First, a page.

The period after Colonialism – when countries in Africa, Asia and the Americas liberated themselves from colonizing countries – brought with it a fervor for study around identity, cultural construction and cultural difference. Claire Laurier Decoteau, for example, examined the schizophrenic condition that occurs in states with a colonial past in her study of HIV/AIDS in South Africa. The phrase “Postcolonial Paradox” was coined by Decoteau to define those nation states that “need to respect the demands of neoliberal capital in order to compete successfully on the world market and a responsibility to redress entrenched inequality, secure legitimacy from the poor, and forge a national imaginary.” This paradox can be observed across the globe where colonialism has been instituted and postcolonialism occurred as a corollary. In the Caribbean, the French, Portuguese and English colonizing states sought to avoid the reflection on a brutal past to repair the present and future conditions of Caribbean inhabitants and their descendants by securing this “national imaginary” and therefore allowing continued representation in a system of capital that undermines the greater population within those islands.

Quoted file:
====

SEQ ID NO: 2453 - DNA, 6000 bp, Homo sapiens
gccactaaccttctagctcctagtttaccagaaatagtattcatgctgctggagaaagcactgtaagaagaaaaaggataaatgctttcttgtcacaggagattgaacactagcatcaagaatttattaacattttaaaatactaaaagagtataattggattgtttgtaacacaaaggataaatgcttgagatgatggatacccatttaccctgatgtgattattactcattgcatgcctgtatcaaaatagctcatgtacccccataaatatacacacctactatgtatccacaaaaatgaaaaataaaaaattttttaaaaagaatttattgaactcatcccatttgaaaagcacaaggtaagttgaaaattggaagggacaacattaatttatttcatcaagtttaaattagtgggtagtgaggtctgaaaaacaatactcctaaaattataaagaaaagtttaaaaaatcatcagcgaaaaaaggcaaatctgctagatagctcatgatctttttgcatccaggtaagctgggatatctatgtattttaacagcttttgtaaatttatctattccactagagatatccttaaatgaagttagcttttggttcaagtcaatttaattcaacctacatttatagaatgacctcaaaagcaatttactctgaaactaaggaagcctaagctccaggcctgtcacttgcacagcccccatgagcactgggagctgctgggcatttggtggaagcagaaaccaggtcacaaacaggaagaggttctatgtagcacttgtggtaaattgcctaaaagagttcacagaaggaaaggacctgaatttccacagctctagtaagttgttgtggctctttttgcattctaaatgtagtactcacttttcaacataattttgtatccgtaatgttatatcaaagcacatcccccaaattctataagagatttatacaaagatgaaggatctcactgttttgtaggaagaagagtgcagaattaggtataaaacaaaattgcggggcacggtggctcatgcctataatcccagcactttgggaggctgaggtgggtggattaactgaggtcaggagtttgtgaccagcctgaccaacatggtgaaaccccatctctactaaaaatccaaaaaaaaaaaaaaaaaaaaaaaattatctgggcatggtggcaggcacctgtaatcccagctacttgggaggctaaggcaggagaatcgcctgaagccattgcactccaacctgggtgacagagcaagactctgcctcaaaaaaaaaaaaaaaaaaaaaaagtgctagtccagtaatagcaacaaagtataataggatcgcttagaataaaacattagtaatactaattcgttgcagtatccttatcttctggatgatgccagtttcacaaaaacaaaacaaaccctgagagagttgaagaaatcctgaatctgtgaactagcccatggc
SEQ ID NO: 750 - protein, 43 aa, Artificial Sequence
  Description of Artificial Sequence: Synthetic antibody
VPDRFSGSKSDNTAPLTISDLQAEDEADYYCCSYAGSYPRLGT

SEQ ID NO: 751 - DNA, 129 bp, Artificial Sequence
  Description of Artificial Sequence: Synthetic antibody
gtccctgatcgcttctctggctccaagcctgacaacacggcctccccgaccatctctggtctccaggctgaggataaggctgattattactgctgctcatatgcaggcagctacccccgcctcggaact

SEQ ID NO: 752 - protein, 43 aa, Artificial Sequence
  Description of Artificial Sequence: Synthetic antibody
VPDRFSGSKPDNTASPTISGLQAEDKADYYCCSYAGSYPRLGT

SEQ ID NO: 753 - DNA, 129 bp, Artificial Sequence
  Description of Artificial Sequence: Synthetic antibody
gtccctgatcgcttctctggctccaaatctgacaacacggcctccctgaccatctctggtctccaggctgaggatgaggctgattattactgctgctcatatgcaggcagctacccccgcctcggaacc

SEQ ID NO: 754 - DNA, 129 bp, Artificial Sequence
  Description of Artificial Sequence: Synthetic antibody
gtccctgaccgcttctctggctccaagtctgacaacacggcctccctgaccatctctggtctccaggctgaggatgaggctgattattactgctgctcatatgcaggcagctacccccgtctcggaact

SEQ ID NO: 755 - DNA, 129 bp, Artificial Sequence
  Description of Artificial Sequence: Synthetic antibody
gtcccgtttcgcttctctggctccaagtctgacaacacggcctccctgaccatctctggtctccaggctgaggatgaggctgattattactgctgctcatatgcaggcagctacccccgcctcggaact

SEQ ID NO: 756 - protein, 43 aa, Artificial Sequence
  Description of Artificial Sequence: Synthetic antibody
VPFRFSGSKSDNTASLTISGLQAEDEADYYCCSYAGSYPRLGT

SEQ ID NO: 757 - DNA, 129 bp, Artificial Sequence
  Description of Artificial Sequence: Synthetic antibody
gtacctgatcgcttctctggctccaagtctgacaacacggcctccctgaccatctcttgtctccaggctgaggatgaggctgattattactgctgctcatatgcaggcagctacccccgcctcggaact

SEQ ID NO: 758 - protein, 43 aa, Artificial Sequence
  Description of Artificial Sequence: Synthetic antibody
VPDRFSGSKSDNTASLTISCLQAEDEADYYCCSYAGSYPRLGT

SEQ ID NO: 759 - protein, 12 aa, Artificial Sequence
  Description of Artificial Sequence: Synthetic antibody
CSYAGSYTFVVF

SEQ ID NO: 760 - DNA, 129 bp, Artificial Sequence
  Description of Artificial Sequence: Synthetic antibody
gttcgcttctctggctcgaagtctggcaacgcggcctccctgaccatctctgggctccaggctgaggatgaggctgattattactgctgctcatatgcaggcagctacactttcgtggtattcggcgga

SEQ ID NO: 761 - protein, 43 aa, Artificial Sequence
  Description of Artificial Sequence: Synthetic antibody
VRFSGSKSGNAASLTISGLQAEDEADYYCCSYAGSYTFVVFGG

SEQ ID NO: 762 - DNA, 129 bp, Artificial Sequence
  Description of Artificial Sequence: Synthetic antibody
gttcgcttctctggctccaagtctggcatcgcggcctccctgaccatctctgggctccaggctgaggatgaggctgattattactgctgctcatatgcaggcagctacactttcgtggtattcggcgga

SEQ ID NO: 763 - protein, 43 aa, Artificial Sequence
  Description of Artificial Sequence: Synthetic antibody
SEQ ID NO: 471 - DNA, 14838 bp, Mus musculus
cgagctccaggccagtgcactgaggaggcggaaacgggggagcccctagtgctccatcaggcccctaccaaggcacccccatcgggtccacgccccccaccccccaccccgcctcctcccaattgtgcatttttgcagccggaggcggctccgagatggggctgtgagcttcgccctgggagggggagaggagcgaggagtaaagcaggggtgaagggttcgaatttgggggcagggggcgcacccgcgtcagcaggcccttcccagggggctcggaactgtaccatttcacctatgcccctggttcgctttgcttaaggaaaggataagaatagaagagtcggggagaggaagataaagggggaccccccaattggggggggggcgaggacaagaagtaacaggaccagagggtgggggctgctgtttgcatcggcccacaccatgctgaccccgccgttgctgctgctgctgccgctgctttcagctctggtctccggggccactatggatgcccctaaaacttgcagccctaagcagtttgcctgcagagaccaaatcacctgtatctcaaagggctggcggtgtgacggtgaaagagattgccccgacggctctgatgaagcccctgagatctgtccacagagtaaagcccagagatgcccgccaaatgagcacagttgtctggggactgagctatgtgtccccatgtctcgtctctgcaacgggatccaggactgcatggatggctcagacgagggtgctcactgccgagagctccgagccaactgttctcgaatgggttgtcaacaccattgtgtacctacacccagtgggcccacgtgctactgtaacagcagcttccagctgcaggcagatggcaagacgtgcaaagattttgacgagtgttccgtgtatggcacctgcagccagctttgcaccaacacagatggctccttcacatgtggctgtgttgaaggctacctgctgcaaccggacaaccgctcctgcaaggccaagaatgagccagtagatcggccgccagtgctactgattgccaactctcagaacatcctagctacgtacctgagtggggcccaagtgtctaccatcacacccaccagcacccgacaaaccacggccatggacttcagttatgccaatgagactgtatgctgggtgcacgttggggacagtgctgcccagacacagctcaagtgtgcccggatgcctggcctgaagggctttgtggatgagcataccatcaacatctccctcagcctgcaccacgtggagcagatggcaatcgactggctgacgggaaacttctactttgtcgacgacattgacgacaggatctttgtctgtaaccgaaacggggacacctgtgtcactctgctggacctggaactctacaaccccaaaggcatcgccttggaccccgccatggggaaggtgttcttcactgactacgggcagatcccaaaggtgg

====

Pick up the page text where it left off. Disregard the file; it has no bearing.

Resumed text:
Coffee, Rhum, Sugar & Gold: A Postcolonial Paradox, a current exhibition in the Museum Of African Diaspora (MOAD), in San Francisco, US, looks at the legacy of European colonialism in the Caribbean through the work of 10 contemporary artists: Firelei Báez, Leonardo Benzant, Andrea Chung, Lavar Munroe, Angel Otero, Phillip Thomas, Lucia Hierro, Adler Guerrier, Ebony G. Patterson, and Didier William. As the introductory text to the exhibition explains, the show’s title is inspired by “some of the core products that have historically been produced in, and exported from the Caribbean to the rest of the world – with a focus on Europe”. And furthermore: “A key driver of the exhibition is the theory that colonialism has continued to exist in other forms, and is in fact spreading through the export of soft power, the use of military force, the control of international financial and banking mechanisms, as well as the increase in globalization”.